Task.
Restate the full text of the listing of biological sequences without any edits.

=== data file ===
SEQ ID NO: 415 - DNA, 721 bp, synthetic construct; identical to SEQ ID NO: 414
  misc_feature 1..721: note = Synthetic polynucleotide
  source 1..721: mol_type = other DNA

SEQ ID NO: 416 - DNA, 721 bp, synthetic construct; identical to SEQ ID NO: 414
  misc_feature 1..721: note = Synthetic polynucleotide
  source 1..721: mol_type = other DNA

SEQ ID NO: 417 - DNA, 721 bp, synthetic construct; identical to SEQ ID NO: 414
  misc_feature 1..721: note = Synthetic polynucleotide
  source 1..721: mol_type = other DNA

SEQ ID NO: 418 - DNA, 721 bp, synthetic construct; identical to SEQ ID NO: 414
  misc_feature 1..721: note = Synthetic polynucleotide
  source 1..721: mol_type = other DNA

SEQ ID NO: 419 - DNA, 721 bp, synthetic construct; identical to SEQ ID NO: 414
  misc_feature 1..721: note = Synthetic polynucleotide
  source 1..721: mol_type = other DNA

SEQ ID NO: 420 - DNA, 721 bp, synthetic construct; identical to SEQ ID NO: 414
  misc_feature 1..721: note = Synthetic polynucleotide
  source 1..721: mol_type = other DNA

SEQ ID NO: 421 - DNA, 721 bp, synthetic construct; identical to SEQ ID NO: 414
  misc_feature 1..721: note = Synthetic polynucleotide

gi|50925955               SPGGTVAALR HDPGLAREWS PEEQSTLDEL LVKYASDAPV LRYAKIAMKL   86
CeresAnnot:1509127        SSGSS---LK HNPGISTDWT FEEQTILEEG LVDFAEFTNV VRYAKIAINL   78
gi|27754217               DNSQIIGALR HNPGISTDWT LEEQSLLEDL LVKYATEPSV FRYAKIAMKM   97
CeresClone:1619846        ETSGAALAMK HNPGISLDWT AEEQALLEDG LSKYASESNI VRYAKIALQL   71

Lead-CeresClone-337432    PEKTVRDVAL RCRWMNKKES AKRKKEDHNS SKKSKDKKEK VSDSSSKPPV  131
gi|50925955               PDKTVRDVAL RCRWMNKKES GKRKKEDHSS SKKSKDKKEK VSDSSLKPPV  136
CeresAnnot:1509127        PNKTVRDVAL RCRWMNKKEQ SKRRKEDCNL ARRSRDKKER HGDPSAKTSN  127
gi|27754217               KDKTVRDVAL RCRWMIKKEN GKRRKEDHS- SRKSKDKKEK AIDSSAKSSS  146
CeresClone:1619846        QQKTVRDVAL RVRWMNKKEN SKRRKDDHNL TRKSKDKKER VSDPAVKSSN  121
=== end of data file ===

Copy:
SEQ ID NO: 415 - DNA, 721 bp, synthetic construct; identical to SEQ ID NO: 414
  misc_feature 1..721: note = Synthetic polynucleotide
  source 1..721: mol_type = other DNA

SEQ ID NO: 416 - DNA, 721 bp, synthetic construct; identical to SEQ ID NO: 414
  misc_feature 1..721: note = Synthetic polynucleotide
  source 1..721: mol_type = other DNA

SEQ ID NO: 417 - DNA, 721 bp, synthetic construct; identical to SEQ ID NO: 414
  misc_feature 1..721: note = Synthetic polynucleotide
  source 1..721: mol_type = other DNA

SEQ ID NO: 418 - DNA, 721 bp, synthetic construct; identical to SEQ ID NO: 414
  misc_feature 1..721: note = Synthetic polynucleotide
  source 1..721: mol_type = other DNA

SEQ ID NO: 419 - DNA, 721 bp, synthetic construct; identical to SEQ ID NO: 414
  misc_feature 1..721: note = Synthetic polynucleotide
  source 1..721: mol_type = other DNA

SEQ ID NO: 420 - DNA, 721 bp, synthetic construct; identical to SEQ ID NO: 414
  misc_feature 1..721: note = Synthetic polynucleotide
  source 1..721: mol_type = other DNA

SEQ ID NO: 421 - DNA, 721 bp, synthetic construct; identical to SEQ ID NO: 414
  misc_feature 1..721: note = Synthetic polynucleotide

gi|50925955               SPGGTVAALR HDPGLAREWS PEEQSTLDEL LVKYASDAPV LRYAKIAMKL   86
CeresAnnot:1509127        SSGSS---LK HNPGISTDWT FEEQTILEEG LVDFAEFTNV VRYAKIAINL   78
gi|27754217               DNSQIIGALR HNPGISTDWT LEEQSLLEDL LVKYATEPSV FRYAKIAMKM   97
CeresClone:1619846        ETSGAALAMK HNPGISLDWT AEEQALLEDG LSKYASESNI VRYAKIALQL   71

Lead-CeresClone-337432    PEKTVRDVAL RCRWMNKKES AKRKKEDHNS SKKSKDKKEK VSDSSSKPPV  131
gi|50925955               PDKTVRDVAL RCRWMNKKES GKRKKEDHSS SKKSKDKKEK VSDSSLKPPV  136
CeresAnnot:1509127        PNKTVRDVAL RCRWMNKKEQ SKRRKEDCNL ARRSRDKKER HGDPSAKTSN  127
gi|27754217               KDKTVRDVAL RCRWMIKKEN GKRRKEDHS- SRKSKDKKEK AIDSSAKSSS  146
CeresClone:1619846        QQKTVRDVAL RVRWMNKKEN SKRRKDDHNL TRKSKDKKER VSDPAVKSSN  121